It’s hard for me to believe that I am more than halfway done with college. Long gone are the days when I was unsure of what my major should be, or when I was worrying about which organizations on campus to join. As a second-semester junior at Carolina, I have a much clearer idea of what will come post-graduation. Now, I am thinking about my long-term professional and career goals.
If I were asked to describe my college experience in one word, it would be the word “growth.” Carolina has allowed me to thrive as an individual and has helped me figure out my interests and passions that define who I am.
the process of developing or maturing physically, mentally, or spiritually.
Some of the happiest moments of my life were during college. Experiencing my school winning the NCAA College Basketball National Championship reminded me how lucky I am to attend UNC. Studying abroad in Paris made me realize how much I desire to continue to adventure and see the world. And simply spending endless time with friends who care about you and your wellbeing are some of the most valuable moments I will always cherish.
Growth, of course, is never linear. Some of the most painful moments of my life were also during college. Overcoming self-esteem issues, rejection, heartbreaks, family problems… No matter how hard some of these moments were, I learned something new about myself and came out of each experience as a stronger person.
Right now, I am taking a course called “MEJO 577: The Branding of Me.” I can take agency over how I want to be portrayed using new mediums, combining my personal and professional life together. Each week, we have to create two new posts, but we have the freedom to take any direction we want to.
In addition to introducing myself and my background briefly in this first post, I wanted to discuss the initial steps I have taken to brand myself and why my middle initial is so crucial to my identity.
I was born in Los Angeles, California in 1998, where my parents had immigrated to from South Korea in 1993. We moved to the East Coast when I was about four years old. While I do not remember much about living in California, I remember it was a truly diverse place where thousands of families—mostly non-White—lived and tried to make sense of the American dream.
I moved to Chapel Hill, North Carolina when I was five years old. And yes, I grew up in the same place I now attend college. A medium-sized town of about 60,000 people, Chapel Hill is a blend of college students and families.
Growing up, when my identity was very malleable, I quickly lost touch of my Korean heritage. Only a few other kids in my grade were Korean, unlike in LA, where almost all of my friends were also Korean.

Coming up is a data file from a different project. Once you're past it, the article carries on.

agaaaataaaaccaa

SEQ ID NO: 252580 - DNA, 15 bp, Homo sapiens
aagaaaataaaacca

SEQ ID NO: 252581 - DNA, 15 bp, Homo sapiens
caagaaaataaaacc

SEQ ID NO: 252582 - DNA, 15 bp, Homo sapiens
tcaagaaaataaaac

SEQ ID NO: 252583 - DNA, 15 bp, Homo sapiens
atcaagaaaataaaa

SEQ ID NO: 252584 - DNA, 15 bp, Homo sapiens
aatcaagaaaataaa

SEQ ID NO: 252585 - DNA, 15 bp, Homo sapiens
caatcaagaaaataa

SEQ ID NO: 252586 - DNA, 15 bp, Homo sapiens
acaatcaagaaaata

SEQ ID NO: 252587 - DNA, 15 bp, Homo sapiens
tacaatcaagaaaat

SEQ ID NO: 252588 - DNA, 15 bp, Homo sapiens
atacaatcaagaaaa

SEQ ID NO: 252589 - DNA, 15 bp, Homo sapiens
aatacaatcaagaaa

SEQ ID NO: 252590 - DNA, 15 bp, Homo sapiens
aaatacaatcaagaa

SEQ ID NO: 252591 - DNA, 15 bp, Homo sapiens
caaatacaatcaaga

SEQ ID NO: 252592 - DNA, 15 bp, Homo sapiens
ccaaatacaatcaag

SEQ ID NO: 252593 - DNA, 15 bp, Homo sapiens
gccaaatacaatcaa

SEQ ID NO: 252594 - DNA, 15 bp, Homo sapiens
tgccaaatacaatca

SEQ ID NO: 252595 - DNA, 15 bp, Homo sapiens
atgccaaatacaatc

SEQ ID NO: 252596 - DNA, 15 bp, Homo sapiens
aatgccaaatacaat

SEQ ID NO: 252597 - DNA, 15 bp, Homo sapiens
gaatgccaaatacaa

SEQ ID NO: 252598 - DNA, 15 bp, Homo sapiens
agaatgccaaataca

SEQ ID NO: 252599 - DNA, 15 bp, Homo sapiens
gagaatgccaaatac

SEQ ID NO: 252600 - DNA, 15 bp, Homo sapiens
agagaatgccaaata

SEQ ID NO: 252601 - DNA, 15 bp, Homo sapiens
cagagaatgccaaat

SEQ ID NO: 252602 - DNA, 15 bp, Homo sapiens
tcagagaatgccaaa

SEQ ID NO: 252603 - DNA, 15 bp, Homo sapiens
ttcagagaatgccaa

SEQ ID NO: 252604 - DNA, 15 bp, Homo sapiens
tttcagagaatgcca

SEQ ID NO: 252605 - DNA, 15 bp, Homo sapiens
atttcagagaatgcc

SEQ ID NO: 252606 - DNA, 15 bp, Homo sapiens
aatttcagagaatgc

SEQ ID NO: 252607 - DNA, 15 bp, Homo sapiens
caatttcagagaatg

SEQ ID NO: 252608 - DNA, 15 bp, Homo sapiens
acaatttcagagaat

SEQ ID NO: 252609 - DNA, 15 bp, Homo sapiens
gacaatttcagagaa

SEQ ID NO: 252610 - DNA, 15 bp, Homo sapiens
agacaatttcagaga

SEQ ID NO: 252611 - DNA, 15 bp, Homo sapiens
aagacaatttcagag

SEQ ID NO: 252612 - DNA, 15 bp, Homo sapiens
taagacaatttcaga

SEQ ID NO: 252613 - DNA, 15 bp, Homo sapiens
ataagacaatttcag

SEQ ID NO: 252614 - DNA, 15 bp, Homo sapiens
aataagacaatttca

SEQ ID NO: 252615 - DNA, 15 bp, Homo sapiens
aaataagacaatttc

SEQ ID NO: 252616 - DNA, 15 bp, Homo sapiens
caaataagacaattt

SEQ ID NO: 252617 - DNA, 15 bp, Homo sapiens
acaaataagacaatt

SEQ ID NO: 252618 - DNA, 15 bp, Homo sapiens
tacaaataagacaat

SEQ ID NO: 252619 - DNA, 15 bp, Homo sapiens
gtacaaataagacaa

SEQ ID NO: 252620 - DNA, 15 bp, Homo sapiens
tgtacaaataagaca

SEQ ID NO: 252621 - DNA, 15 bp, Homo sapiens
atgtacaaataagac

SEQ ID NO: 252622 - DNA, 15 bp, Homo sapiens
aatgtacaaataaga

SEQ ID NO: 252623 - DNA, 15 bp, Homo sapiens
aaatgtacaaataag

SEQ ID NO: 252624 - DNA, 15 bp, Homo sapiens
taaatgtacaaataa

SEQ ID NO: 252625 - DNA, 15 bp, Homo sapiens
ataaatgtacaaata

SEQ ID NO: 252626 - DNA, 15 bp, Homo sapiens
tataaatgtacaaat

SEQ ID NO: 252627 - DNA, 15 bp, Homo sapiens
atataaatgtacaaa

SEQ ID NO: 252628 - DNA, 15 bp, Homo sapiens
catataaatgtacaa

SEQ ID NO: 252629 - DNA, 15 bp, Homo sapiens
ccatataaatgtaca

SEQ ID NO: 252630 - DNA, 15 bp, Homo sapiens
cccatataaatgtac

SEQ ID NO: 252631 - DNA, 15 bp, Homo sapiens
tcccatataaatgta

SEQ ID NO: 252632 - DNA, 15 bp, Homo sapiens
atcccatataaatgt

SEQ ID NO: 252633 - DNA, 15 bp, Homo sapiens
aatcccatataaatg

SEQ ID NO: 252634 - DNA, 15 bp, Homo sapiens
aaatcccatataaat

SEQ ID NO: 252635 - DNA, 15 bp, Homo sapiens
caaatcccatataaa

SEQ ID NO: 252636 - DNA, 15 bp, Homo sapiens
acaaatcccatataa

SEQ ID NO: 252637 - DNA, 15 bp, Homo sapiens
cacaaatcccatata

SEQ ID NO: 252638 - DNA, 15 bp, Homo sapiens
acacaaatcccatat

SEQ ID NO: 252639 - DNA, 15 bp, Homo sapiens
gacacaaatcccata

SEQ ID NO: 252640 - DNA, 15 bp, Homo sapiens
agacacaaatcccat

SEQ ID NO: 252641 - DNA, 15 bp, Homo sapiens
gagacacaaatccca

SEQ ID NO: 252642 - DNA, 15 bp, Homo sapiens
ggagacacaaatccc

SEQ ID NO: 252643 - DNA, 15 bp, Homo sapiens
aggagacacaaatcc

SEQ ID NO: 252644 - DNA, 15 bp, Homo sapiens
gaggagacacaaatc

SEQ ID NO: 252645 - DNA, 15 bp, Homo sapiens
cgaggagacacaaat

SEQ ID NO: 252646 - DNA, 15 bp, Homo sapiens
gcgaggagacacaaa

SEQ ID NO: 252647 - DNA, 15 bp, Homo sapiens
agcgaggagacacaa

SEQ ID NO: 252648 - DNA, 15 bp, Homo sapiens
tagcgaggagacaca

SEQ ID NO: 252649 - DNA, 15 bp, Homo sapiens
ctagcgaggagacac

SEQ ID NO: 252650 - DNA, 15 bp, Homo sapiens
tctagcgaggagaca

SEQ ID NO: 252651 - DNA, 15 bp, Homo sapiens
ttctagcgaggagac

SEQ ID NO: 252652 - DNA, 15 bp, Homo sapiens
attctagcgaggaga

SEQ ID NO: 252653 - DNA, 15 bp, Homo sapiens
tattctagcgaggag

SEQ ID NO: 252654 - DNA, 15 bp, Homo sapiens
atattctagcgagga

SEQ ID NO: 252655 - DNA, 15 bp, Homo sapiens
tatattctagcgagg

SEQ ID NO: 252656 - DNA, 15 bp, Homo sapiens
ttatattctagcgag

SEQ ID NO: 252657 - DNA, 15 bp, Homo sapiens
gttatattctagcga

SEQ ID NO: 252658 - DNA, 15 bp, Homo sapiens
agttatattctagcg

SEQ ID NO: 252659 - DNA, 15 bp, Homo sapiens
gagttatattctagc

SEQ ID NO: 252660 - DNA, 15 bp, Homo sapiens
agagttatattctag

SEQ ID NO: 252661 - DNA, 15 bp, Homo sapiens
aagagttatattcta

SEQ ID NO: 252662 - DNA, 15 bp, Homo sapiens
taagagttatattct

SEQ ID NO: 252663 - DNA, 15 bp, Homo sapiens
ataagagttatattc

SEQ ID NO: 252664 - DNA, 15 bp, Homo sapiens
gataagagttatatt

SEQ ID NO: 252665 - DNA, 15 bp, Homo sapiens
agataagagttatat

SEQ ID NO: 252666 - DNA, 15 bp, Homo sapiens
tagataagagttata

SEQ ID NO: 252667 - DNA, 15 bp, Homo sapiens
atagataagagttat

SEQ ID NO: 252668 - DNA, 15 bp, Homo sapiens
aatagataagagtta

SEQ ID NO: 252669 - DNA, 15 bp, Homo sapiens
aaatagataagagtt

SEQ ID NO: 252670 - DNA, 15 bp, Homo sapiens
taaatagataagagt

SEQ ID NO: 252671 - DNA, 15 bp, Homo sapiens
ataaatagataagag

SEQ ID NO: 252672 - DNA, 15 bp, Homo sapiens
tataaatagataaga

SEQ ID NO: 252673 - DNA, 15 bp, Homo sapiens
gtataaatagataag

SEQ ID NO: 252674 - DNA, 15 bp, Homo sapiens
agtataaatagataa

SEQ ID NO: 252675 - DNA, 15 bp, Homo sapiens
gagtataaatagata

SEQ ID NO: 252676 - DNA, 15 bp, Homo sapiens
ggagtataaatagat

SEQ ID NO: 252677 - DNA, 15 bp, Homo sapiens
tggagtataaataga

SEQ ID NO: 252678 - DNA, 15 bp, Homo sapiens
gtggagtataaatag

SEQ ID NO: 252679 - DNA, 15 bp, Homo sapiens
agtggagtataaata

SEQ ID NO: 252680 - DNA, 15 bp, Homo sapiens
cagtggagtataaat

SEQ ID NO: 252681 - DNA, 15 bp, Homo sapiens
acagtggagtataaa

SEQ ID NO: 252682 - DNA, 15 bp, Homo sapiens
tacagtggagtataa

I became embarrassed of being different. I never wanted my mom to volunteer in my classroom or on school trips because of her broken English. I asked my mom to pack Lunchables or let me buy cafeteria food for lunch instead of eating the delicious, authentic Korean meals that other kids thought were “smelly” and “weird.”
In middle school and high school, my self-confidence continued to plummet. When others asked me what my middle name was, I never wanted to tell them. I thought that Ji Sun was too foreign of a name that nobody would learn to pronounce or needed to know. After all, I tried so hard to fit into my peers.
It wasn’t until I got to college when I truly started to explore my heritage. At UNC, I met my roommate and best friend Jaein, who is also Korean. We immediately shared this bond that was unexplainable to anyone else. Through exchanging stories and similar struggles as well as seeing her so confidently being Korean, I started to embrace that in myself.
During my first semester at UNC, I took a course called “SOCI 130: Family and Society” that explored the ever-changing structures of American families. I learned that the 1950s “ideal” model of a family—happily married, two kids, and a dog—was no longer the majority. My classmates and I shared our personal anecdotes of our families. Some made me laugh, some made me cry. Above all, this class taught me how important diversity at Carolina is to the makeup of our student body.
Now, when people ask me what my middle name is, I am not afraid to tell them. I believe that the “J” is crucial to my brand, because it is a representation of my Korean-American heritage.